It ought probably to be mentioned that a former essay by the author, printed in the North American Review, has been, in one or two of these lectures, worked up anew. A greater space also is occupied by that division of the work on the life and times of Bunyan, than was originally contemplated; but in the Providence of God, Bunyan himself, in his own lifetime, furnished as much matter for profitable meditation and instruction, as his own Pil. grim, in his beautiful Allegory Of course the first division is

more particularly biographical and historical; the second more meditative and expository.

The world of Christian Pilgrims may in general be divided into two classes, the cheerful and the depressed ; those who have joy in the Lord, and those whose joy is overborne and kept down by cares and doubts, unbelief and many sins, fallings by the way and broodings over them. Indeed, there is a sad want, in our present christian experience, of that joy of the Lord, which is our strength; and to give the reasons for this would by itself require a volume. There must be more of this joy, and it must be more habitual, if the church of Christ would be strong to convert the world, would be prepared to teach transgressors the way of the Lord, so that sinners may be converted unto him ; for that is the meaning of the Psalmist, taking what is individual, and applying it, as we must, to the church universal, as the source of her power.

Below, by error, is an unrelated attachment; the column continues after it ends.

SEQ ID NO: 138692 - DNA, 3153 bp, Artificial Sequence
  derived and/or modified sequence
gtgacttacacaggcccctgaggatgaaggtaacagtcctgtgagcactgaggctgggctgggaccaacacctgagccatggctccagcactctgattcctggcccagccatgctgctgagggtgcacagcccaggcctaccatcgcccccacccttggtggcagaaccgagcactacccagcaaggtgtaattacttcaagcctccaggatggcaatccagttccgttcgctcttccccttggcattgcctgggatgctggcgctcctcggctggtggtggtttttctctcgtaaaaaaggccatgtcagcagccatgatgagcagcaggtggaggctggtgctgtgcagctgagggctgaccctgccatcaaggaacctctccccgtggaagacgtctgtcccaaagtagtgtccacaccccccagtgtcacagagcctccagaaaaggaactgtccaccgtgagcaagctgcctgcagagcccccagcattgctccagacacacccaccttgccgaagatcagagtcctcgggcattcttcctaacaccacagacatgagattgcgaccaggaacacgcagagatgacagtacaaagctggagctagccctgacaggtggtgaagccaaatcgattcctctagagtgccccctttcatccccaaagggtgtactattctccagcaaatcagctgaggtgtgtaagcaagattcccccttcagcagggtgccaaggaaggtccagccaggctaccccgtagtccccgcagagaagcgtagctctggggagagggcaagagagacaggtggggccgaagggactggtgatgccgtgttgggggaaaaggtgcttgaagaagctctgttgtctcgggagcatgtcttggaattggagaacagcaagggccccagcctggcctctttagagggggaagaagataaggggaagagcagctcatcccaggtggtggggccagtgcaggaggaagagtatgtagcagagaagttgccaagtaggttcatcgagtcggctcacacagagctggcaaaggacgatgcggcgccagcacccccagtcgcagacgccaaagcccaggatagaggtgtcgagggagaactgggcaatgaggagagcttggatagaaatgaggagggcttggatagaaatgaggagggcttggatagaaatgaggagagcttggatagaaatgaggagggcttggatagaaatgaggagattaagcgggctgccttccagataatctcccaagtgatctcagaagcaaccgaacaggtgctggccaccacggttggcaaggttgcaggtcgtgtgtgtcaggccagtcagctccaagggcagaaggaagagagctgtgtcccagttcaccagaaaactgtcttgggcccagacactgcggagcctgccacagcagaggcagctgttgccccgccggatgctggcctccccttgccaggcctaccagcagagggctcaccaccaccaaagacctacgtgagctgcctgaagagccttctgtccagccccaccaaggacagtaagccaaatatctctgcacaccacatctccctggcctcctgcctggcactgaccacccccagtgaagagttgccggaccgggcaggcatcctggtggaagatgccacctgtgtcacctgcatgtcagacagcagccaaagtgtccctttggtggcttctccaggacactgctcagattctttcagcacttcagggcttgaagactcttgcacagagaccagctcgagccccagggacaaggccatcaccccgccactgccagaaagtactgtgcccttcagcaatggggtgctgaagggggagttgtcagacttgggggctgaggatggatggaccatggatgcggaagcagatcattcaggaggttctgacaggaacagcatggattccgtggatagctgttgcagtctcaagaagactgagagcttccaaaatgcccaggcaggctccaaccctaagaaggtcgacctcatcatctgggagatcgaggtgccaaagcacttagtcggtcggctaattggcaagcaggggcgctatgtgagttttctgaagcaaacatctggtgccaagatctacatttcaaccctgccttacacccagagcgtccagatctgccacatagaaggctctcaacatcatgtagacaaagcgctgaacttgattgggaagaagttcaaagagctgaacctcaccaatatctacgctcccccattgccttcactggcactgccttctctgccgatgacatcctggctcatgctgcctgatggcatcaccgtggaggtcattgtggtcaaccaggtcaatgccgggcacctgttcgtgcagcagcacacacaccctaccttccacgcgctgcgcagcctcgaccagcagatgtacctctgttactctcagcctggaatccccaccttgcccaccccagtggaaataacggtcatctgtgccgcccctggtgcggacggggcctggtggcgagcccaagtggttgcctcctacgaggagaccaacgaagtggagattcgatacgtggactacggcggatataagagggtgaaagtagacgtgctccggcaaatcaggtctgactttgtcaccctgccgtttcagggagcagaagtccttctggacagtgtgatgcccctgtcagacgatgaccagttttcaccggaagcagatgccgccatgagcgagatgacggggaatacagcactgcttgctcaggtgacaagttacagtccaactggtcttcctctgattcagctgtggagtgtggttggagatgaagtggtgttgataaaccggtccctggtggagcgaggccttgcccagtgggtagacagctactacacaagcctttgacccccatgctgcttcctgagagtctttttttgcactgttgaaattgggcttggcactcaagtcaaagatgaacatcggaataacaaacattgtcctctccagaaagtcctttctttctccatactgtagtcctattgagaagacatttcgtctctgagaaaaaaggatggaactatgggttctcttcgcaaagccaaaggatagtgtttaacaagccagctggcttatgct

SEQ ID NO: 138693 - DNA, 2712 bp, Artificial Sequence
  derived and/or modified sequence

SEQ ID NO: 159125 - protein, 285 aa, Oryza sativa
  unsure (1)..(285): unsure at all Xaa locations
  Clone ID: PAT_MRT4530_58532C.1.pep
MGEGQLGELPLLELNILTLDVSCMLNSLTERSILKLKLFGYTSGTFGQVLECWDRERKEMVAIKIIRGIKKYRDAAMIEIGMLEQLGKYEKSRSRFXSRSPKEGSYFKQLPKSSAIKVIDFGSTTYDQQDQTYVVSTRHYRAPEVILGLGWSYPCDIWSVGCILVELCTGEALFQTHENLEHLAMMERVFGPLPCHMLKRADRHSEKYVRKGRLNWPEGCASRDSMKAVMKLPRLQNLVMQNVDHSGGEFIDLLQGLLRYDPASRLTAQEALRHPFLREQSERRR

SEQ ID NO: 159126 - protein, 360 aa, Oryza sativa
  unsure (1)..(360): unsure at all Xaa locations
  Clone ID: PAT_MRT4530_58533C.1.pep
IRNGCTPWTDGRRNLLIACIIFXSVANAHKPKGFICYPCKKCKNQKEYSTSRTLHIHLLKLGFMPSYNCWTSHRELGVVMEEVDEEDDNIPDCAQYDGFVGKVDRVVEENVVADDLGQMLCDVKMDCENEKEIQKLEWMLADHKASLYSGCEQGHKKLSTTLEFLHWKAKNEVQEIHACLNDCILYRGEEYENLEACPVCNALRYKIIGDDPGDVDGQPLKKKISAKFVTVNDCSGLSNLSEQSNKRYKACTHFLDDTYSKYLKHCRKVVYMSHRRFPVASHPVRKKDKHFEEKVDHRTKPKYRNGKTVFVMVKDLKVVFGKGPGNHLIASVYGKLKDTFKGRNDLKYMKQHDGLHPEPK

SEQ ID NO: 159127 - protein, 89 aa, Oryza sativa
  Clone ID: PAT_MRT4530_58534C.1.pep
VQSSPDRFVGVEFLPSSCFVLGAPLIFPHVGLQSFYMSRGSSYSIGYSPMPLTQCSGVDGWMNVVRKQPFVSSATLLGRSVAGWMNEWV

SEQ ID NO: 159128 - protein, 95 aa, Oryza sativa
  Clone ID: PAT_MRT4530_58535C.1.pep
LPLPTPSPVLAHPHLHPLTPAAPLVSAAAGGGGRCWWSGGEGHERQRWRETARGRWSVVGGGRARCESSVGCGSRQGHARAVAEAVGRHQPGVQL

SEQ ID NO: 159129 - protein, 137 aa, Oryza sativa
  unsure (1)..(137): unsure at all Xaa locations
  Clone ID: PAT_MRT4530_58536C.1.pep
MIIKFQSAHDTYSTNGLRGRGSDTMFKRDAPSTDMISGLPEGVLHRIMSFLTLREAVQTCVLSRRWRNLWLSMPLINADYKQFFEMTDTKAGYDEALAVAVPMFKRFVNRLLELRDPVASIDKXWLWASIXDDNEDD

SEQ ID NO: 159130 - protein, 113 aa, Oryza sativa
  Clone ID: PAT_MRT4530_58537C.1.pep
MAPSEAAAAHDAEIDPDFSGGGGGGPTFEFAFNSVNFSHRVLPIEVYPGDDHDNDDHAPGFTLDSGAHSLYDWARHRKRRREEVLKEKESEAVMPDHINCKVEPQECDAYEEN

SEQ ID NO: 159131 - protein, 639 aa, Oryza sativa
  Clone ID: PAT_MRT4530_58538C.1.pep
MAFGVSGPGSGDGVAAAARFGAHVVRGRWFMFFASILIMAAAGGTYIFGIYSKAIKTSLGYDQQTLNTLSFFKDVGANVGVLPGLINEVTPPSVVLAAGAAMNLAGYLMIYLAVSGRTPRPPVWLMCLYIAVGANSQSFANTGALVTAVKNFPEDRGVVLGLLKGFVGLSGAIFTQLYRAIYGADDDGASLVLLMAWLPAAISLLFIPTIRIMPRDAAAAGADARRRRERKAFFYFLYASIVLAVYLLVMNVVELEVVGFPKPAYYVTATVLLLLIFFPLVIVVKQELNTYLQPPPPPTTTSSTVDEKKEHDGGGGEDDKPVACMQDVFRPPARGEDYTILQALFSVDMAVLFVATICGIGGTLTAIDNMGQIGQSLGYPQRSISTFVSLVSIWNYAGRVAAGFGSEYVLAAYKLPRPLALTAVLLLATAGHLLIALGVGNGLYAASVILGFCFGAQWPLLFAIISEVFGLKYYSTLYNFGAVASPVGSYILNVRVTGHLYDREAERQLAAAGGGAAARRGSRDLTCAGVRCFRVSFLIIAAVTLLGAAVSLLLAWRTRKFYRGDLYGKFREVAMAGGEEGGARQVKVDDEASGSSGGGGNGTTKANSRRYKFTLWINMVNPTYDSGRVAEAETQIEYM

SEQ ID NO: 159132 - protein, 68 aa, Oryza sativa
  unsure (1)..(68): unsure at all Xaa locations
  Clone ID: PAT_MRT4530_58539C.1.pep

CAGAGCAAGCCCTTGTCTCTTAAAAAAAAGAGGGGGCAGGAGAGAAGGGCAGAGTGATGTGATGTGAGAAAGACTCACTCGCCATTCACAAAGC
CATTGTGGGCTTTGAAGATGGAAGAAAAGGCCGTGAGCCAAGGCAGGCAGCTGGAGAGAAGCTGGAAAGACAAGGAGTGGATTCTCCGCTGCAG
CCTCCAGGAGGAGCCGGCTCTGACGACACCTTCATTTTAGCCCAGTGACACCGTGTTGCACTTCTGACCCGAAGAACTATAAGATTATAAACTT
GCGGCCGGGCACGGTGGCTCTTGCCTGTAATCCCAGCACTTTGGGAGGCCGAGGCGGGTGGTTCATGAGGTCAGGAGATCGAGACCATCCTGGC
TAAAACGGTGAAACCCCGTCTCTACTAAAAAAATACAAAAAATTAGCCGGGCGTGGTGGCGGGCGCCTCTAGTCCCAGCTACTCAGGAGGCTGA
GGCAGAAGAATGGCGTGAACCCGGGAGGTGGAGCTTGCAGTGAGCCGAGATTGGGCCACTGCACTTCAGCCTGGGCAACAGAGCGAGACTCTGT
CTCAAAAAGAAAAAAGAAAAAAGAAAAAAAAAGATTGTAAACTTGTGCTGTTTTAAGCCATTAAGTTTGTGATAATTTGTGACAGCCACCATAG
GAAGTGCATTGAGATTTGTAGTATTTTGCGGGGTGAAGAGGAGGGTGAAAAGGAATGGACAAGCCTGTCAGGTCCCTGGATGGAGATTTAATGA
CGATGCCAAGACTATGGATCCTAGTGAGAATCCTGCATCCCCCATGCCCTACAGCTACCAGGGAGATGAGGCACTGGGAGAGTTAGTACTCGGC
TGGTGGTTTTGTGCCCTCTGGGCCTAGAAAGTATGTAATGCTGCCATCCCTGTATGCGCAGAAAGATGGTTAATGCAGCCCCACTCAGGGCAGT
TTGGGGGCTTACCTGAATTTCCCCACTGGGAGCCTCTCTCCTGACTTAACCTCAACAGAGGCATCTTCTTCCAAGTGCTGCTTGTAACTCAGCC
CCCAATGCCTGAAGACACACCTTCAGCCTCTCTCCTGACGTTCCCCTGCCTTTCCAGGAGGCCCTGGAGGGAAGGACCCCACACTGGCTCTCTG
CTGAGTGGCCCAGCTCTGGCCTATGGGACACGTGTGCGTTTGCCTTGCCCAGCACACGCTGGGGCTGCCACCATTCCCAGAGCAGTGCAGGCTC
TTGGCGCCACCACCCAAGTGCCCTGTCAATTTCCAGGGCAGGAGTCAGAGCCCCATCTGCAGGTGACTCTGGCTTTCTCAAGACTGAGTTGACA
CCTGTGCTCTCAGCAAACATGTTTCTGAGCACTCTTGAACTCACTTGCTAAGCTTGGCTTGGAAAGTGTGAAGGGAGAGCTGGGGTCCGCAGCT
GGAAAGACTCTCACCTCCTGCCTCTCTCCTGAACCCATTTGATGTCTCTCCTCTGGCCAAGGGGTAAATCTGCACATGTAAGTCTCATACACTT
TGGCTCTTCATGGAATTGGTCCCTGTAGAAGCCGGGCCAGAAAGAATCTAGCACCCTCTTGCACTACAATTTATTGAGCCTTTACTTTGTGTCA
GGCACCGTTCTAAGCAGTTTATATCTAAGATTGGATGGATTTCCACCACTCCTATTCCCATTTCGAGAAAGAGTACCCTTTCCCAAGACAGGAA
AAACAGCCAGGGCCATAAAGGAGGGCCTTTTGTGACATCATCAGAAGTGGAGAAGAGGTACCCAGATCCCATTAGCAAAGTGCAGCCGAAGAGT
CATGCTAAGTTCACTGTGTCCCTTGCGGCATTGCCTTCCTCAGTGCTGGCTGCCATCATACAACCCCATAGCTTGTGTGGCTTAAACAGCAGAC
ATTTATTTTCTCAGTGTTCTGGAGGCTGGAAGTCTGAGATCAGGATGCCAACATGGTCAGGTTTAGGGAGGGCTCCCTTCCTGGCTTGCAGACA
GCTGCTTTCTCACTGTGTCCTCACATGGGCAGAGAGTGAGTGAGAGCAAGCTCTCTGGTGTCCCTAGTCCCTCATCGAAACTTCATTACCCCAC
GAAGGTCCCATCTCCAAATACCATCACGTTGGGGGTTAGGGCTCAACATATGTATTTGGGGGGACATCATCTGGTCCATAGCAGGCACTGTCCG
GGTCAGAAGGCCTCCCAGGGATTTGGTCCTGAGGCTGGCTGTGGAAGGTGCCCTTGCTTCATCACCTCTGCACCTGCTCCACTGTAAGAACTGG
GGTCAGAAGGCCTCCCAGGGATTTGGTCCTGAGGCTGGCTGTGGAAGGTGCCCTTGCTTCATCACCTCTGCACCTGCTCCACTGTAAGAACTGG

The importance of this joy for the strength of the church is manifest not only from the fifty-first Psalm, but from those re. markable words of our Blessed Lord to his disciples, These things have I spoken unto you, that my joy might remain in you, and that your joy might be full. The Saviour's own joy! What a depth of blissful meaning is contained in these words, as the portion of his people! It is not a doubting, weak, depressed piety, that is here recognized.

And yet there is provision in the same gospel for those who do not attain to this joy. There is mention made of those, whose hands hang down, and of the feeble knees; and the arrangements made in the gospel for the sustaining and comforting of such do show that there will always continue to be, more or less, in the christian race, and in the christian church, hands that hang down and feeble knees.

Now it is at once a proof of the wisdom of the delineations of christian character in the Pilgrim's Progress, and a source of the usefulness of that book to all classes, that it is not a picture of ab.